I want to render depth maps and surface Normal maps of different 3D shapes using Cycles.

To be able to get depth maps, I attempted the two used methods that includes creating nodes here and played around with the parameters to get depth maps.

However, I run into the same problem that the question asker has run into (getting almost completely white images): I know accurate depth maps must only be stored in OpenEXR files but I also need to be able to view the depth maps for visualization purposes.

I am pretty new to the concepts of node trees in Blender and would appreciate if someone can give me some step-by-step instructions on how I can create node trees that store the depth maps (with a black background) on disk in OpenEXR or .txt files and map the values to 0-255 so that I can have some visualization, although less accurate.

Another thing: how can I avoid getting truncated depth maps?

Here is the best results I could get through trial and error:

enter image description here

And here is a .blend file which includes the 3D mesh I am trying to render depth maps for, in case you need.


To visualize the Z depth just use the Normalize node. Normalize will take the lowest and highest values of the image and scale them to be 0 (black) and 1 (white) respectively. All values in between will be scaled linearly as well. And maybe also enable transparency...

enter image description here


This is a question about compromises. As you admitted, a low bit depth will result in far less information being conveyed in the output. This can be okay, depending on how you use it.

Here's a simple solution: Using the Mist pass.

This has its own quirks. The Mist pass is essentially a normalized depth pass, using the furthest away rendered geometry. It's also anti-aliased, which can be good or bad depending on how you want to use it.

The mist pass carries the same level of detail across all your geometry. You can find it directly under the Z pass (You can see it in your screenshot).

Another solution with different quirks is to convert your depth map into a disparity map.

A depth map stores distance in units, with infinite distance theoretically being infinitely bright. As you experienced, this is a nightmare for clipping.

A disparity map stores the inverse depth. In other words, instead of dividing your depth by some crazy large number, you can simply output 1/(1+depth). An interesting tradeoff here is that your depth 'resolution' decreases with additional distance when using a disparity map.

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    $\begingroup$ The Mist pass trick is interesting! However, it will not work if you have objects with Volume Scattering in your scene as it will be included in the Mist pass. $\endgroup$ – Bruno Feb 23 '18 at 13:02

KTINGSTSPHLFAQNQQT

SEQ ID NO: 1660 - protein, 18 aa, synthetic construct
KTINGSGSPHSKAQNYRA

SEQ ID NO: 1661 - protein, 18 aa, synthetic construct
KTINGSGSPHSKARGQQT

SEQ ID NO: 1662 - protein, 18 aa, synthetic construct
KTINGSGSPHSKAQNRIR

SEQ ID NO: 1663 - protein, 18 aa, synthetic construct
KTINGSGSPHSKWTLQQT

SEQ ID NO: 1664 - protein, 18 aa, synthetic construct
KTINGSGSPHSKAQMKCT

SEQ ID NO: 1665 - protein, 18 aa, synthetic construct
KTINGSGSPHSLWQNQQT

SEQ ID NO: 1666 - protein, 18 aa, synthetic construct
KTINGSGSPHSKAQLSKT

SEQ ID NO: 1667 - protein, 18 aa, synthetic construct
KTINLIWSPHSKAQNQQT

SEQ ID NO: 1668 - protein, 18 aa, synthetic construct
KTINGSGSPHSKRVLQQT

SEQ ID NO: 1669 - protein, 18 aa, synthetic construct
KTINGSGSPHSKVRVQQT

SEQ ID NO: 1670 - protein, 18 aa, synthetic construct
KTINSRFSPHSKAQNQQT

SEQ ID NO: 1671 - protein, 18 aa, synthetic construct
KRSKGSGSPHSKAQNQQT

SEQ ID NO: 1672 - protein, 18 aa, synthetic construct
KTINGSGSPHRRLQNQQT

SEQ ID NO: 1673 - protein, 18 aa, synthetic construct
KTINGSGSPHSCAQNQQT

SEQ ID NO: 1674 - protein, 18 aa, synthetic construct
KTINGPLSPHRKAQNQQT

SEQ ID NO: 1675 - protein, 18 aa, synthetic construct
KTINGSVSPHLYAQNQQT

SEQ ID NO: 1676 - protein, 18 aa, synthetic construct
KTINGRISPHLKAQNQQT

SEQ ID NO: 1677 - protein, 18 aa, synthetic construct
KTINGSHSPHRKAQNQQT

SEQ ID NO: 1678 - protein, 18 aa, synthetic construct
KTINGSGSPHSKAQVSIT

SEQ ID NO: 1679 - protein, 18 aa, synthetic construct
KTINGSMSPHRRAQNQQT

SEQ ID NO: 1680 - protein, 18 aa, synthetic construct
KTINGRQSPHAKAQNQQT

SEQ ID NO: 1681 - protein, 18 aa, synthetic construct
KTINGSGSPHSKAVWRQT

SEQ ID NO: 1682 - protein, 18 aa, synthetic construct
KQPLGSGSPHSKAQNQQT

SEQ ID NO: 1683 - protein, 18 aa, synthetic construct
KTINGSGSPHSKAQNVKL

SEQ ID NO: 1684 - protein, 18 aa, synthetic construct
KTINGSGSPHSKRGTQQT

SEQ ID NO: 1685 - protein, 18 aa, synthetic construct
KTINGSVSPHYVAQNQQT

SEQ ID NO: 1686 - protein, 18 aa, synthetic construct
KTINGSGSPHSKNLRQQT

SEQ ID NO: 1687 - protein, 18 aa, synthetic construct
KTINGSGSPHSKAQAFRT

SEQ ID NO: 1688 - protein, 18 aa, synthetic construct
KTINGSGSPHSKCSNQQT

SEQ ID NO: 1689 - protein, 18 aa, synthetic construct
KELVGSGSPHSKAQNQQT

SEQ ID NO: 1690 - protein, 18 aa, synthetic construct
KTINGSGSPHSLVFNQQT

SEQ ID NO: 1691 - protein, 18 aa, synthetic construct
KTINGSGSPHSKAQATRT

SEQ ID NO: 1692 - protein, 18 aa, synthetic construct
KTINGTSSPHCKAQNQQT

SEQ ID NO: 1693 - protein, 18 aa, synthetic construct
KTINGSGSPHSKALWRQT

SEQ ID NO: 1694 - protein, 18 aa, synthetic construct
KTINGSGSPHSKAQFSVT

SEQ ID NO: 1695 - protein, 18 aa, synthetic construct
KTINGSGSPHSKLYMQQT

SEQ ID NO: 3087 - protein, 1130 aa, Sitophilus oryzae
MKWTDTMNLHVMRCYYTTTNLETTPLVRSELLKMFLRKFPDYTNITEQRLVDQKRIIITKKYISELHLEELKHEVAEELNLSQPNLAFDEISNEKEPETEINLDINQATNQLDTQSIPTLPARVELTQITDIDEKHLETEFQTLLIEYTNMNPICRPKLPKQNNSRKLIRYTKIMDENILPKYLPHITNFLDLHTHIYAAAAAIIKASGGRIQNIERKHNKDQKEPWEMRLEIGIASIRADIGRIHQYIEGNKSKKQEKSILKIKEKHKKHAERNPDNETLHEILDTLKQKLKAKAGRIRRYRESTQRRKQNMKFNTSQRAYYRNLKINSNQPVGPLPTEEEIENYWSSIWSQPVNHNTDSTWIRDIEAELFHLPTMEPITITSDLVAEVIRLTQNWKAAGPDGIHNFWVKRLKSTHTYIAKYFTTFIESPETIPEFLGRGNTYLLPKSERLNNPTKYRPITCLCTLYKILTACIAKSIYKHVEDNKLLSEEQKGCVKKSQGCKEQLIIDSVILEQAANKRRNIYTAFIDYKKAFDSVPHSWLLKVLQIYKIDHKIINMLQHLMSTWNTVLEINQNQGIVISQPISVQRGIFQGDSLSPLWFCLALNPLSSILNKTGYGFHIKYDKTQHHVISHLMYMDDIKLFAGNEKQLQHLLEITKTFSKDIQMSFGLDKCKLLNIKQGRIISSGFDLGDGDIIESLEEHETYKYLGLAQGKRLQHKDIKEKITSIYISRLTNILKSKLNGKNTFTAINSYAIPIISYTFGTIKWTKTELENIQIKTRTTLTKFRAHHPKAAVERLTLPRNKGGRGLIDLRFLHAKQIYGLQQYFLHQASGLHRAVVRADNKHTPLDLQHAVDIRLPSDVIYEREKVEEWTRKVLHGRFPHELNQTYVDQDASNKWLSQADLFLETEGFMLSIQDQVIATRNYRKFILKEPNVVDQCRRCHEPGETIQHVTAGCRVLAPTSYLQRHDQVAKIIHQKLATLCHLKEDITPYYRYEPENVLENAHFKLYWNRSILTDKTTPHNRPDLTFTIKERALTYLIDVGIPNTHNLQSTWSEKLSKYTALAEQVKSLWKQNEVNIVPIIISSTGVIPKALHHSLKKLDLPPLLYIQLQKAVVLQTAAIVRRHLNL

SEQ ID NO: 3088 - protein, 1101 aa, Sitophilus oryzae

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    $\begingroup$ Thanks for your answer. The mist trick is not going to be useful for me at all, especially due to the anti-analising effect. $\endgroup$ – Amir Feb 23 '18 at 16:09

A white looking depth map is correct! Think about it: it captures the depth values from 0 to infinity. I believe blender works with floats so infinity is actually the largest float.

So, it makes sense for any foreground objects in your scene, which are relatively close to the camera, to have very low depth values. It means it is encoded with very little contrast in the depth map compared to the far background. Since an image is displayed on your screen with RGB values with 8bit luminance range, the "infinity" float range has to be compressed in 256 values range, thus the white image.

One way to only select the interesting foreground in the depth map is to clamp and normalize its values before display or before conversion to a low dynamic range component image. This can be achieved in the compositor using simple math nodes and clamp to desired farthest depth value.

  1. Enable depth path in your render layer
  2. Enable node for the compositor
  3. Flow the depth map into the clamp and normalize nodes then into a viewer node (sorry no screen shot or exact node setup, I am far from my computer at the moment!)

Note that you might want to clamp the lower value as well if there's nothing interesting in the foreground.

ex including clamping fore and backgrounds using color ramp in constant mode. Simply slide the color to the desired "distance":

enter image description here

  • $\begingroup$ Is it possible to somehow enforce a limit on how far the depth rays should travel? For instance, only 1 meter? I do not want to capture anything beyond a some point $\endgroup$ – Amir Feb 23 '18 at 14:16
  • $\begingroup$ Yes, added a screen shot and note to my answer, check it out. $\endgroup$ – Bruno Feb 23 '18 at 15:21
  • $\begingroup$ I'm not able to create the ColorRamp node the way you have created it. Could you please give me some instructions on how you did this? Also, how can I make sure naturally no depth rays comes into the camera beyond a certain point in the scene? Currently, I have a feeling that what you are doing is to somehow clamping the depth values. But I do not want any depth information to get discarded, no matter what. $\endgroup$ – Amir Feb 23 '18 at 16:42
  • $\begingroup$ The normalization is not doing any clamping, right? So if I normalize the depth data and store it on disk, I should be able to map everything back to the scene with 32-bit floating point accuracy. Is that right? $\endgroup$ – Amir Feb 23 '18 at 16:43
  • $\begingroup$ I feel the color ramp node and the multiplication are somehow transforming the raw depth values. If that is the case, I do not want that. $\endgroup$ – Amir Feb 23 '18 at 16:44

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